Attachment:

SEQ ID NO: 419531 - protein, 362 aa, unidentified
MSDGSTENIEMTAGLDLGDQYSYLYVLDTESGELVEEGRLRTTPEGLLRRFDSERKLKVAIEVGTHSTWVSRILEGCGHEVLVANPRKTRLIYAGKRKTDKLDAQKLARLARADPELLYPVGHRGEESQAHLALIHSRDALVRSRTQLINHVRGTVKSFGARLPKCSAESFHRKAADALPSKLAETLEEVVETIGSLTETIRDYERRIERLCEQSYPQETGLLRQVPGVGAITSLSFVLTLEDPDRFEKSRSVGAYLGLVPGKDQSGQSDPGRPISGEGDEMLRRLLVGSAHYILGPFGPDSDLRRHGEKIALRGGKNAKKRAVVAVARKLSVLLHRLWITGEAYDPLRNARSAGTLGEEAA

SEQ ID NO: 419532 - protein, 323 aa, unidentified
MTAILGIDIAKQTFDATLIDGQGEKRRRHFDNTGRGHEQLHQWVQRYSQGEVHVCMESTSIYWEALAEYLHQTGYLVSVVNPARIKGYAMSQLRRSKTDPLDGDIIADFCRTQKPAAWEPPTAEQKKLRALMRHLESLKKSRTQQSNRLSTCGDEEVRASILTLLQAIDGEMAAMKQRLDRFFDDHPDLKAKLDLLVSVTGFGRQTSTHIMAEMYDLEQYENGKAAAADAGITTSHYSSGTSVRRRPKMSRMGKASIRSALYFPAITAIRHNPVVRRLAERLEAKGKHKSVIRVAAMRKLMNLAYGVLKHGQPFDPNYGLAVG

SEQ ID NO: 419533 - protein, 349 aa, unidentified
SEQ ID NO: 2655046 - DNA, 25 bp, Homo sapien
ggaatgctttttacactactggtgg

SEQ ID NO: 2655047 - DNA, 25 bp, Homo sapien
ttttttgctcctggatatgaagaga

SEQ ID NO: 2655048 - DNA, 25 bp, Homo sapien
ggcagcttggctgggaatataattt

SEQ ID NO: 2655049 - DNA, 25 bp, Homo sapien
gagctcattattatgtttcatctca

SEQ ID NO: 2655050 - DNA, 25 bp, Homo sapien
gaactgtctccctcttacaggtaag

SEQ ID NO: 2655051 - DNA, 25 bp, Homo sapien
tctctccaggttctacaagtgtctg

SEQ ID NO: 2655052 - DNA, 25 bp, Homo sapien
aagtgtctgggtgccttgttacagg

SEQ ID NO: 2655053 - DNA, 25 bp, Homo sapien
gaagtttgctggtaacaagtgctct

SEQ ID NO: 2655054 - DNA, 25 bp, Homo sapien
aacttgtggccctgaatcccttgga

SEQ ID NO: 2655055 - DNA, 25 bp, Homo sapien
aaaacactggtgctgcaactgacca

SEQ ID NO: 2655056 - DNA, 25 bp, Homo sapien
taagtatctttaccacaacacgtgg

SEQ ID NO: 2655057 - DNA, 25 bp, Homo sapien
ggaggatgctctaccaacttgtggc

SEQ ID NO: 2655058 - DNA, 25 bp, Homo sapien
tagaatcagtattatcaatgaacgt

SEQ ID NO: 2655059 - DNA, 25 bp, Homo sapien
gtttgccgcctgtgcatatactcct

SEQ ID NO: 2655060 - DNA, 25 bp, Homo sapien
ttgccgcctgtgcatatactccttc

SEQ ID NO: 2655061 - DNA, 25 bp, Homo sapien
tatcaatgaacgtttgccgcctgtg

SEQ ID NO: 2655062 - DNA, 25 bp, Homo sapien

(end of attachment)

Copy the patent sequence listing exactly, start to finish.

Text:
SEQ ID NO: 419531 - protein, 362 aa, unidentified
MSDGSTENIEMTAGLDLGDQYSYLYVLDTESGELVEEGRLRTTPEGLLRRFDSERKLKVAIEVGTHSTWVSRILEGCGHEVLVANPRKTRLIYAGKRKTDKLDAQKLARLARADPELLYPVGHRGEESQAHLALIHSRDALVRSRTQLINHVRGTVKSFGARLPKCSAESFHRKAADALPSKLAETLEEVVETIGSLTETIRDYERRIERLCEQSYPQETGLLRQVPGVGAITSLSFVLTLEDPDRFEKSRSVGAYLGLVPGKDQSGQSDPGRPISGEGDEMLRRLLVGSAHYILGPFGPDSDLRRHGEKIALRGGKNAKKRAVVAVARKLSVLLHRLWITGEAYDPLRNARSAGTLGEEAA

SEQ ID NO: 419532 - protein, 323 aa, unidentified
MTAILGIDIAKQTFDATLIDGQGEKRRRHFDNTGRGHEQLHQWVQRYSQGEVHVCMESTSIYWEALAEYLHQTGYLVSVVNPARIKGYAMSQLRRSKTDPLDGDIIADFCRTQKPAAWEPPTAEQKKLRALMRHLESLKKSRTQQSNRLSTCGDEEVRASILTLLQAIDGEMAAMKQRLDRFFDDHPDLKAKLDLLVSVTGFGRQTSTHIMAEMYDLEQYENGKAAAADAGITTSHYSSGTSVRRRPKMSRMGKASIRSALYFPAITAIRHNPVVRRLAERLEAKGKHKSVIRVAAMRKLMNLAYGVLKHGQPFDPNYGLAVG

SEQ ID NO: 419533 - protein, 349 aa, unidentified
SEQ ID NO: 2655046 - DNA, 25 bp, Homo sapien
ggaatgctttttacactactggtgg

SEQ ID NO: 2655047 - DNA, 25 bp, Homo sapien
ttttttgctcctggatatgaagaga

SEQ ID NO: 2655048 - DNA, 25 bp, Homo sapien
ggcagcttggctgggaatataattt

SEQ ID NO: 2655049 - DNA, 25 bp, Homo sapien
gagctcattattatgtttcatctca

SEQ ID NO: 2655050 - DNA, 25 bp, Homo sapien
gaactgtctccctcttacaggtaag

SEQ ID NO: 2655051 - DNA, 25 bp, Homo sapien
tctctccaggttctacaagtgtctg

SEQ ID NO: 2655052 - DNA, 25 bp, Homo sapien
aagtgtctgggtgccttgttacagg

SEQ ID NO: 2655053 - DNA, 25 bp, Homo sapien
gaagtttgctggtaacaagtgctct

SEQ ID NO: 2655054 - DNA, 25 bp, Homo sapien
aacttgtggccctgaatcccttgga

SEQ ID NO: 2655055 - DNA, 25 bp, Homo sapien
aaaacactggtgctgcaactgacca

SEQ ID NO: 2655056 - DNA, 25 bp, Homo sapien
taagtatctttaccacaacacgtgg

SEQ ID NO: 2655057 - DNA, 25 bp, Homo sapien
ggaggatgctctaccaacttgtggc

SEQ ID NO: 2655058 - DNA, 25 bp, Homo sapien
tagaatcagtattatcaatgaacgt

SEQ ID NO: 2655059 - DNA, 25 bp, Homo sapien
gtttgccgcctgtgcatatactcct

SEQ ID NO: 2655060 - DNA, 25 bp, Homo sapien
ttgccgcctgtgcatatactccttc

SEQ ID NO: 2655061 - DNA, 25 bp, Homo sapien
tatcaatgaacgtttgccgcctgtg

SEQ ID NO: 2655062 - DNA, 25 bp, Homo sapien